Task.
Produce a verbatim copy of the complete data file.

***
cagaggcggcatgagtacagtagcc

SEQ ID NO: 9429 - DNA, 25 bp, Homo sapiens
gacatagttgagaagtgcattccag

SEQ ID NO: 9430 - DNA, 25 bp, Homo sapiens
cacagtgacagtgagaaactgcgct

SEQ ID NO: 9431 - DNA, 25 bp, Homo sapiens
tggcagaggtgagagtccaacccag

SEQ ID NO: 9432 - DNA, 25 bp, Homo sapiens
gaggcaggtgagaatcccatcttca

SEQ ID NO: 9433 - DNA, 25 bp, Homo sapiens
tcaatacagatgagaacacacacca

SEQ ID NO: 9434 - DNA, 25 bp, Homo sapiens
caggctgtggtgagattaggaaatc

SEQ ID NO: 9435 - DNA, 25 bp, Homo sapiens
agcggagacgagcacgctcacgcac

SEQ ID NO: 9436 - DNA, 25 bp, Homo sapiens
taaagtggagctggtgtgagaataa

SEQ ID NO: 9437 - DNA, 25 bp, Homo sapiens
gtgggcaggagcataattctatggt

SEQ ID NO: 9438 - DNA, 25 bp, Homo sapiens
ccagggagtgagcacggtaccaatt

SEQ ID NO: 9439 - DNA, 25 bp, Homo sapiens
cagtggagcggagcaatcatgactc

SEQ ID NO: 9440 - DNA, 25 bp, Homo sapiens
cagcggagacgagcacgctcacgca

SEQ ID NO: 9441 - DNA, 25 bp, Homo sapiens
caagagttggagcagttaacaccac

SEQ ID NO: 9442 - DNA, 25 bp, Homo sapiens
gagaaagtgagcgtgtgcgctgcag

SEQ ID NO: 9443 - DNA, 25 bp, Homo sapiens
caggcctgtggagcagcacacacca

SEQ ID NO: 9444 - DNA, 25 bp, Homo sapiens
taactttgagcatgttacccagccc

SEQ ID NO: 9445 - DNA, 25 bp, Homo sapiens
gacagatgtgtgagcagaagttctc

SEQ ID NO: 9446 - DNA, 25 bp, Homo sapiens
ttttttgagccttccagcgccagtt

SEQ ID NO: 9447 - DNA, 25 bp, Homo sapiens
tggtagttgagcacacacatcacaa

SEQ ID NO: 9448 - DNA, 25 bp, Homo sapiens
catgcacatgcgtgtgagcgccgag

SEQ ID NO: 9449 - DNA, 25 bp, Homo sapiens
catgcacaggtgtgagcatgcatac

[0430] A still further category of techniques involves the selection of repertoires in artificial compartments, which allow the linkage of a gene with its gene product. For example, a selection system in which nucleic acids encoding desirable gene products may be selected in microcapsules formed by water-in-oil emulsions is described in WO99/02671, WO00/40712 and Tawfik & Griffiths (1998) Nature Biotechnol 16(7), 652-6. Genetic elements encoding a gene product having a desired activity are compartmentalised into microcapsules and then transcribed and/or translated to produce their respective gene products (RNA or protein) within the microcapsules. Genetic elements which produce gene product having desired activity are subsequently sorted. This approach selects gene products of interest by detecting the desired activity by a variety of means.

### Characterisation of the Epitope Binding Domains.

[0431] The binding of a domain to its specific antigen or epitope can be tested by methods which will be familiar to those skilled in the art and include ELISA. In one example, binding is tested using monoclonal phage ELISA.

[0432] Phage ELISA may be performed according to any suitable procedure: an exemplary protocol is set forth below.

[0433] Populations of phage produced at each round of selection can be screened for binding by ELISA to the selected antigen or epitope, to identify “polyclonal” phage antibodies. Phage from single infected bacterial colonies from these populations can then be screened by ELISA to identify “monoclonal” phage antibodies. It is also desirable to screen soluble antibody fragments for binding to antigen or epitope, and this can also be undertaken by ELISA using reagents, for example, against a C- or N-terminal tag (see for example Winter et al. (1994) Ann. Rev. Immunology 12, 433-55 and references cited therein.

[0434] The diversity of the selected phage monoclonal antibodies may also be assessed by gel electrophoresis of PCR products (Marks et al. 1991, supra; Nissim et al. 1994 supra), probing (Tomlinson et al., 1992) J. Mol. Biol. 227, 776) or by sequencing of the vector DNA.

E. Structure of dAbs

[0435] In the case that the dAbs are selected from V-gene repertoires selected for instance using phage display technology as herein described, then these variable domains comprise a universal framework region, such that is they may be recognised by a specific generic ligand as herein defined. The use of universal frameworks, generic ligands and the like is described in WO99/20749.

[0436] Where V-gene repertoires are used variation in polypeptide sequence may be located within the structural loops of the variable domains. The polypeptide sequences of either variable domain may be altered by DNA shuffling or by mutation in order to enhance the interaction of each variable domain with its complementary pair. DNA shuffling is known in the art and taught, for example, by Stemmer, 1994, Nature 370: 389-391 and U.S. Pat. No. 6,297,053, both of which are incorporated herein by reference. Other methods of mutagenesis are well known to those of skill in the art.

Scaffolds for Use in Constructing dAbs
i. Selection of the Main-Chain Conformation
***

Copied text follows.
cagaggcggcatgagtacagtagcc

SEQ ID NO: 9429 - DNA, 25 bp, Homo sapiens
gacatagttgagaagtgcattccag

SEQ ID NO: 9430 - DNA, 25 bp, Homo sapiens
cacagtgacagtgagaaactgcgct

SEQ ID NO: 9431 - DNA, 25 bp, Homo sapiens
tggcagaggtgagagtccaacccag

SEQ ID NO: 9432 - DNA, 25 bp, Homo sapiens
gaggcaggtgagaatcccatcttca

SEQ ID NO: 9433 - DNA, 25 bp, Homo sapiens
tcaatacagatgagaacacacacca

SEQ ID NO: 9434 - DNA, 25 bp, Homo sapiens
caggctgtggtgagattaggaaatc

SEQ ID NO: 9435 - DNA, 25 bp, Homo sapiens
agcggagacgagcacgctcacgcac

SEQ ID NO: 9436 - DNA, 25 bp, Homo sapiens
taaagtggagctggtgtgagaataa

SEQ ID NO: 9437 - DNA, 25 bp, Homo sapiens
gtgggcaggagcataattctatggt

SEQ ID NO: 9438 - DNA, 25 bp, Homo sapiens
ccagggagtgagcacggtaccaatt

SEQ ID NO: 9439 - DNA, 25 bp, Homo sapiens
cagtggagcggagcaatcatgactc

SEQ ID NO: 9440 - DNA, 25 bp, Homo sapiens
cagcggagacgagcacgctcacgca

SEQ ID NO: 9441 - DNA, 25 bp, Homo sapiens
caagagttggagcagttaacaccac

SEQ ID NO: 9442 - DNA, 25 bp, Homo sapiens
gagaaagtgagcgtgtgcgctgcag

SEQ ID NO: 9443 - DNA, 25 bp, Homo sapiens
caggcctgtggagcagcacacacca

SEQ ID NO: 9444 - DNA, 25 bp, Homo sapiens
taactttgagcatgttacccagccc

SEQ ID NO: 9445 - DNA, 25 bp, Homo sapiens
gacagatgtgtgagcagaagttctc

SEQ ID NO: 9446 - DNA, 25 bp, Homo sapiens
ttttttgagccttccagcgccagtt

SEQ ID NO: 9447 - DNA, 25 bp, Homo sapiens
tggtagttgagcacacacatcacaa

SEQ ID NO: 9448 - DNA, 25 bp, Homo sapiens
catgcacatgcgtgtgagcgccgag

SEQ ID NO: 9449 - DNA, 25 bp, Homo sapiens
catgcacaggtgtgagcatgcatac

[0430] A still further category of techniques involves the selection of repertoires in artificial compartments, which allow the linkage of a gene with its gene product. For example, a selection system in which nucleic acids encoding desirable gene products may be selected in microcapsules formed by water-in-oil emulsions is described in WO99/02671, WO00/40712 and Tawfik & Griffiths (1998) Nature Biotechnol 16(7), 652-6. Genetic elements encoding a gene product having a desired activity are compartmentalised into microcapsules and then transcribed and/or translated to produce their respective gene products (RNA or protein) within the microcapsules. Genetic elements which produce gene product having desired activity are subsequently sorted. This approach selects gene products of interest by detecting the desired activity by a variety of means.

### Characterisation of the Epitope Binding Domains.

[0431] The binding of a domain to its specific antigen or epitope can be tested by methods which will be familiar to those skilled in the art and include ELISA. In one example, binding is tested using monoclonal phage ELISA.

[0432] Phage ELISA may be performed according to any suitable procedure: an exemplary protocol is set forth below.

[0433] Populations of phage produced at each round of selection can be screened for binding by ELISA to the selected antigen or epitope, to identify “polyclonal” phage antibodies. Phage from single infected bacterial colonies from these populations can then be screened by ELISA to identify “monoclonal” phage antibodies. It is also desirable to screen soluble antibody fragments for binding to antigen or epitope, and this can also be undertaken by ELISA using reagents, for example, against a C- or N-terminal tag (see for example Winter et al. (1994) Ann. Rev. Immunology 12, 433-55 and references cited therein.

[0434] The diversity of the selected phage monoclonal antibodies may also be assessed by gel electrophoresis of PCR products (Marks et al. 1991, supra; Nissim et al. 1994 supra), probing (Tomlinson et al., 1992) J. Mol. Biol. 227, 776) or by sequencing of the vector DNA.

E. Structure of dAbs

[0435] In the case that the dAbs are selected from V-gene repertoires selected for instance using phage display technology as herein described, then these variable domains comprise a universal framework region, such that is they may be recognised by a specific generic ligand as herein defined. The use of universal frameworks, generic ligands and the like is described in WO99/20749.

[0436] Where V-gene repertoires are used variation in polypeptide sequence may be located within the structural loops of the variable domains. The polypeptide sequences of either variable domain may be altered by DNA shuffling or by mutation in order to enhance the interaction of each variable domain with its complementary pair. DNA shuffling is known in the art and taught, for example, by Stemmer, 1994, Nature 370: 389-391 and U.S. Pat. No. 6,297,053, both of which are incorporated herein by reference. Other methods of mutagenesis are well known to those of skill in the art.

Scaffolds for Use in Constructing dAbs
i. Selection of the Main-Chain Conformation